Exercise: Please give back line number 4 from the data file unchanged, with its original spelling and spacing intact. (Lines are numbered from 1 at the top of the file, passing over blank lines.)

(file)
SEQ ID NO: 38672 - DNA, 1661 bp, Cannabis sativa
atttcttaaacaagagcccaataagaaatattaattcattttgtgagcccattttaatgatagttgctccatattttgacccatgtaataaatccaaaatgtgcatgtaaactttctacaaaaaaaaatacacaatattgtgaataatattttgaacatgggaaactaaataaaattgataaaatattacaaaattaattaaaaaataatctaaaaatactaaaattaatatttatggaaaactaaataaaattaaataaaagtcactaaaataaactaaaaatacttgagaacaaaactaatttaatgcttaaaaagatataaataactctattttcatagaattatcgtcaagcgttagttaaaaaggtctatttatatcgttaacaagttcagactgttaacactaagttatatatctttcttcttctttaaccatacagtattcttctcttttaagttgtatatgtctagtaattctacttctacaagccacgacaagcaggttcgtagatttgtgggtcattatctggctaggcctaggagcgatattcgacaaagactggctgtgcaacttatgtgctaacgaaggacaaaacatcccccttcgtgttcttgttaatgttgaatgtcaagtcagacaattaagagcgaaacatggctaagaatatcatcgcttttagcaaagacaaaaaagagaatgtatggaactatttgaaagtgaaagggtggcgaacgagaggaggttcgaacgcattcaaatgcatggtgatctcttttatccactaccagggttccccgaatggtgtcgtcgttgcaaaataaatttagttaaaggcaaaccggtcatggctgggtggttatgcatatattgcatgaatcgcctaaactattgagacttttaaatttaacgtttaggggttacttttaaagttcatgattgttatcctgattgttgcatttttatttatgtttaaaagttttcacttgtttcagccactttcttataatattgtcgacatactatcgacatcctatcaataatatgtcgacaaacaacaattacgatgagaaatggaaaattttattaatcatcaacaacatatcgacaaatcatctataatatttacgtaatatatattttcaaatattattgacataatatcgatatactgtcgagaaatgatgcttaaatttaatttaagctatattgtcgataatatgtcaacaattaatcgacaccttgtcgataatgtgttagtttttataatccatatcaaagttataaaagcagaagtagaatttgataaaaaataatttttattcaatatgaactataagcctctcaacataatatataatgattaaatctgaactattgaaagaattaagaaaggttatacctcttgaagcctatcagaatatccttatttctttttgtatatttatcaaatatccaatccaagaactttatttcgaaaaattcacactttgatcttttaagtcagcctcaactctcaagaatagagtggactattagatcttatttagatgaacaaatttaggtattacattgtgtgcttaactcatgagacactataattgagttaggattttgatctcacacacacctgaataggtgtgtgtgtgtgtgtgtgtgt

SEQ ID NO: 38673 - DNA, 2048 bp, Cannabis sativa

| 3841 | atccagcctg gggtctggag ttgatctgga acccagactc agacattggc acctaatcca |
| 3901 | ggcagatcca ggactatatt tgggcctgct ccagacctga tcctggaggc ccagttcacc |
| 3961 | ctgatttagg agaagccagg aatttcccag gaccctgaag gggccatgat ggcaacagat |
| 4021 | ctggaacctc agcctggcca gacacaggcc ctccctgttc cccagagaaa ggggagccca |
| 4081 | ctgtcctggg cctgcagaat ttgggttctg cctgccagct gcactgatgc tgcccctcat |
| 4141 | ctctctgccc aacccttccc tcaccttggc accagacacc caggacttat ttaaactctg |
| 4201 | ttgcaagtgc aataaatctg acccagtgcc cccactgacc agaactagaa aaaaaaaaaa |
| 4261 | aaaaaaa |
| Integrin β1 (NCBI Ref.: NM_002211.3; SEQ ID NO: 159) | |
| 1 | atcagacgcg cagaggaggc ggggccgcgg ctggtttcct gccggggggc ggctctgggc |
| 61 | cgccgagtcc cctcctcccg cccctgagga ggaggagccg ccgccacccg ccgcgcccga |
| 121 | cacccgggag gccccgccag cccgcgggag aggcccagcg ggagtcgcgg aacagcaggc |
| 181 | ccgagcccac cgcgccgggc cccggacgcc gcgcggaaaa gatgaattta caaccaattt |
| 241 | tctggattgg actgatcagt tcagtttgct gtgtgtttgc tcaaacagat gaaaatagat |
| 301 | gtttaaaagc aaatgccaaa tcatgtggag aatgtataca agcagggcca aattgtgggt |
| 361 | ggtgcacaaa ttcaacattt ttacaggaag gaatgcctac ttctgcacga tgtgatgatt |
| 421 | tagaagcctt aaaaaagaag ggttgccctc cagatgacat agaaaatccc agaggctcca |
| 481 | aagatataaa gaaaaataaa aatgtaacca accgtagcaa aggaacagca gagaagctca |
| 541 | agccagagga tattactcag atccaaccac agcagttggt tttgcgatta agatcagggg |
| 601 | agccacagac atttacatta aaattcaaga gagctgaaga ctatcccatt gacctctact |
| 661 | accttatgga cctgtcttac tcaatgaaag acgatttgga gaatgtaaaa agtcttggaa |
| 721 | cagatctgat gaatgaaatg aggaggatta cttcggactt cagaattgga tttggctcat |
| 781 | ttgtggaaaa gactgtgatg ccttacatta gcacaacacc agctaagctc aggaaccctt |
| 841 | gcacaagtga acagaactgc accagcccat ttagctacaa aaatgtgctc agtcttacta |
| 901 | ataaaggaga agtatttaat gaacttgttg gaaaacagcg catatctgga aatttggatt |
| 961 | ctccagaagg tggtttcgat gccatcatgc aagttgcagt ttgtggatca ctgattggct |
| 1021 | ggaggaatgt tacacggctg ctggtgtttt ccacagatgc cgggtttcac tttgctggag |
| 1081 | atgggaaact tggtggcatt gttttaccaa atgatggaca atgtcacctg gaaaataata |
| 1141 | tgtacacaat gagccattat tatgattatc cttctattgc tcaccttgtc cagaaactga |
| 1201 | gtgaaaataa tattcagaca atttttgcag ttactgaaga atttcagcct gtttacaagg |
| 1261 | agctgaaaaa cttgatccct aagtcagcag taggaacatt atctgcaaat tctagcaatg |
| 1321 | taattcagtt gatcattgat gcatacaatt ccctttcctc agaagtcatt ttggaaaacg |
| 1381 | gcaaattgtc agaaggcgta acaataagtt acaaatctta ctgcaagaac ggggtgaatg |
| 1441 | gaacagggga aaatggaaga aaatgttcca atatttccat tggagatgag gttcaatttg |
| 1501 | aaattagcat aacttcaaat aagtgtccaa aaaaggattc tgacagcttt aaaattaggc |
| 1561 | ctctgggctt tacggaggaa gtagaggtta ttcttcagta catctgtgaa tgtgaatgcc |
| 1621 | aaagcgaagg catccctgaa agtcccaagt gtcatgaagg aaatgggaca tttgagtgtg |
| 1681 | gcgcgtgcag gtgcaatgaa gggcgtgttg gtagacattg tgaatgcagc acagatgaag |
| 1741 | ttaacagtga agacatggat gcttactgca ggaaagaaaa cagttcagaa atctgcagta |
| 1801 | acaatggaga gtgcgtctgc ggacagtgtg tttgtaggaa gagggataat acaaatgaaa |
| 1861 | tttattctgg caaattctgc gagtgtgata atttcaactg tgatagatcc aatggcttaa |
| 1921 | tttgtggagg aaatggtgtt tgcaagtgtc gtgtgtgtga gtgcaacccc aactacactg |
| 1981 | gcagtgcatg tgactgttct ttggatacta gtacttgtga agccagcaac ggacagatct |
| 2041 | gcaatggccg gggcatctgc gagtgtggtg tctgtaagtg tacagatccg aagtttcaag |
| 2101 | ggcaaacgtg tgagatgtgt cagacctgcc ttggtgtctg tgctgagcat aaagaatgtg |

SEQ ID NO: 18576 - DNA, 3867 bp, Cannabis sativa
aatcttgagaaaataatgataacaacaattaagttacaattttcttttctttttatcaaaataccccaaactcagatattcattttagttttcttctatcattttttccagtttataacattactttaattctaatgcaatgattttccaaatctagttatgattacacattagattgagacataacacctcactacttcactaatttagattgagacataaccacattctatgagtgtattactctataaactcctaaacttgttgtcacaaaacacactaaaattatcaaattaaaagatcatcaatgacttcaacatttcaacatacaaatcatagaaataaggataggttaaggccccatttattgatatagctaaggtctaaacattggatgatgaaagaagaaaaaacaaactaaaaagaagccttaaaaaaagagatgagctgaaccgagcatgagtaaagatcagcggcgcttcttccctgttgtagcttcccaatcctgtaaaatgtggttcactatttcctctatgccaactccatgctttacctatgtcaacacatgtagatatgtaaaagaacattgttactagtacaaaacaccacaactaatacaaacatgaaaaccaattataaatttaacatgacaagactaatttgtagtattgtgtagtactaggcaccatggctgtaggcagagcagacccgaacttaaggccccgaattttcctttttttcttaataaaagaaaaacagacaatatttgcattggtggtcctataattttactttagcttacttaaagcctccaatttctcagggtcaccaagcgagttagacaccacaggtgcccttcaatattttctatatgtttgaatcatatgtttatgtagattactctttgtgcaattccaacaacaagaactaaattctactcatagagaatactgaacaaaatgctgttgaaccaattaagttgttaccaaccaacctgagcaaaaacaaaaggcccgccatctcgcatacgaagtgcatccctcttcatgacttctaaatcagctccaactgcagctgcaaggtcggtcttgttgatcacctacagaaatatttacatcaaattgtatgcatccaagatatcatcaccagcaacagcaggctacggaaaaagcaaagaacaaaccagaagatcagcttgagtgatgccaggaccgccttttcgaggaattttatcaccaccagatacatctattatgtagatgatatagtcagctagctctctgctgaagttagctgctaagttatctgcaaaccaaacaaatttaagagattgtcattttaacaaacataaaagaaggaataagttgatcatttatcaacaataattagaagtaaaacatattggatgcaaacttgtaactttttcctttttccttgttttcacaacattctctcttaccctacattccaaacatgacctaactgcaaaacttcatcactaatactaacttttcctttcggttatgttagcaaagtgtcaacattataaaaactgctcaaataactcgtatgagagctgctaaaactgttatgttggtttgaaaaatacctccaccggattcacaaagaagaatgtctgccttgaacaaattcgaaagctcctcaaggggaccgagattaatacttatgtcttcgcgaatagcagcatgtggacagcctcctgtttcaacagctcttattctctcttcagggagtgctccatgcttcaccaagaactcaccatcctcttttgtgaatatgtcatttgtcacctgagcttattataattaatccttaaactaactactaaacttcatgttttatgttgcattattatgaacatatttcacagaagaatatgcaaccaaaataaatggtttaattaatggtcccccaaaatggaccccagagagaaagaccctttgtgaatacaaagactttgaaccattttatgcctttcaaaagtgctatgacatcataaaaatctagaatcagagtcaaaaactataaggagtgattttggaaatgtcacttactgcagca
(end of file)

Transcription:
| 3841 | atccagcctg gggtctggag ttgatctgga acccagactc agacattggc acctaatcca |